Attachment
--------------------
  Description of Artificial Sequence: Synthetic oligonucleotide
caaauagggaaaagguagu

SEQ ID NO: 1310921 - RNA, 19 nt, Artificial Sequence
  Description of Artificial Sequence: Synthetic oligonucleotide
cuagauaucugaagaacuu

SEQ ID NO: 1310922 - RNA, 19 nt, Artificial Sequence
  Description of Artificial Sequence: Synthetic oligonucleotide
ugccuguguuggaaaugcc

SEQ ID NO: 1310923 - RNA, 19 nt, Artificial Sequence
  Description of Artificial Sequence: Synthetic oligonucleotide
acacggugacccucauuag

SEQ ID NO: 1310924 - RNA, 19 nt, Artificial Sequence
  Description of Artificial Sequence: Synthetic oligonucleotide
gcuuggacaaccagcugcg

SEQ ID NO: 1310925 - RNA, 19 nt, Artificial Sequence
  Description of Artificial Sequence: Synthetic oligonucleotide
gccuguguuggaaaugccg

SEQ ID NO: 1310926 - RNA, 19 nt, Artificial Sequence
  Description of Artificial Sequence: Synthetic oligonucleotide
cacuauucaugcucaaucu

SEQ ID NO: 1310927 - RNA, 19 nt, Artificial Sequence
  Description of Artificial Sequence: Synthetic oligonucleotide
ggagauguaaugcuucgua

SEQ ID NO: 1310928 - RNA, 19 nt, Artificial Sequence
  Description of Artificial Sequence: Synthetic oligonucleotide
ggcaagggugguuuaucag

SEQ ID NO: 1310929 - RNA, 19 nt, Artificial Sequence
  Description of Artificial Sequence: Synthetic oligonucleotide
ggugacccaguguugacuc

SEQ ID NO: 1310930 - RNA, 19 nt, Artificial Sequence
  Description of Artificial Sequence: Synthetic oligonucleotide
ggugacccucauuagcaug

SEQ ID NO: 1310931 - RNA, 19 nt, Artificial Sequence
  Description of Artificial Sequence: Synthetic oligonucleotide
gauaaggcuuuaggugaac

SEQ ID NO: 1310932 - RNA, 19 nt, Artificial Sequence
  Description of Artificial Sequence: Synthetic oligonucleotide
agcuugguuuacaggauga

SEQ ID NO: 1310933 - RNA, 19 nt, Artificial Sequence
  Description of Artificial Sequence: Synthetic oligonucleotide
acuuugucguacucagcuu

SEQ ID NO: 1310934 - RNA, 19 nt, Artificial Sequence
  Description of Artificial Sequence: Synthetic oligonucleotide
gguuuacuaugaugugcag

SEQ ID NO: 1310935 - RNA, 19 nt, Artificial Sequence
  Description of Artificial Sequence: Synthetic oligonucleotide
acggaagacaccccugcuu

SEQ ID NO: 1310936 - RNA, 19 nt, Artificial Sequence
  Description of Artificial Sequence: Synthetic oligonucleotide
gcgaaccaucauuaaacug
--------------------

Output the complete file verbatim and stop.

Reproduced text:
  Description of Artificial Sequence: Synthetic oligonucleotide
caaauagggaaaagguagu

SEQ ID NO: 1310921 - RNA, 19 nt, Artificial Sequence
  Description of Artificial Sequence: Synthetic oligonucleotide
cuagauaucugaagaacuu

SEQ ID NO: 1310922 - RNA, 19 nt, Artificial Sequence
  Description of Artificial Sequence: Synthetic oligonucleotide
ugccuguguuggaaaugcc

SEQ ID NO: 1310923 - RNA, 19 nt, Artificial Sequence
  Description of Artificial Sequence: Synthetic oligonucleotide
acacggugacccucauuag

SEQ ID NO: 1310924 - RNA, 19 nt, Artificial Sequence
  Description of Artificial Sequence: Synthetic oligonucleotide
gcuuggacaaccagcugcg

SEQ ID NO: 1310925 - RNA, 19 nt, Artificial Sequence
  Description of Artificial Sequence: Synthetic oligonucleotide
gccuguguuggaaaugccg

SEQ ID NO: 1310926 - RNA, 19 nt, Artificial Sequence
  Description of Artificial Sequence: Synthetic oligonucleotide
cacuauucaugcucaaucu

SEQ ID NO: 1310927 - RNA, 19 nt, Artificial Sequence
  Description of Artificial Sequence: Synthetic oligonucleotide
ggagauguaaugcuucgua

SEQ ID NO: 1310928 - RNA, 19 nt, Artificial Sequence
  Description of Artificial Sequence: Synthetic oligonucleotide
ggcaagggugguuuaucag

SEQ ID NO: 1310929 - RNA, 19 nt, Artificial Sequence
  Description of Artificial Sequence: Synthetic oligonucleotide
ggugacccaguguugacuc

SEQ ID NO: 1310930 - RNA, 19 nt, Artificial Sequence
  Description of Artificial Sequence: Synthetic oligonucleotide
ggugacccucauuagcaug

SEQ ID NO: 1310931 - RNA, 19 nt, Artificial Sequence
  Description of Artificial Sequence: Synthetic oligonucleotide
gauaaggcuuuaggugaac

SEQ ID NO: 1310932 - RNA, 19 nt, Artificial Sequence
  Description of Artificial Sequence: Synthetic oligonucleotide
agcuugguuuacaggauga

SEQ ID NO: 1310933 - RNA, 19 nt, Artificial Sequence
  Description of Artificial Sequence: Synthetic oligonucleotide
acuuugucguacucagcuu

SEQ ID NO: 1310934 - RNA, 19 nt, Artificial Sequence
  Description of Artificial Sequence: Synthetic oligonucleotide
gguuuacuaugaugugcag

SEQ ID NO: 1310935 - RNA, 19 nt, Artificial Sequence
  Description of Artificial Sequence: Synthetic oligonucleotide
acggaagacaccccugcuu

SEQ ID NO: 1310936 - RNA, 19 nt, Artificial Sequence
  Description of Artificial Sequence: Synthetic oligonucleotide
gcgaaccaucauuaaacug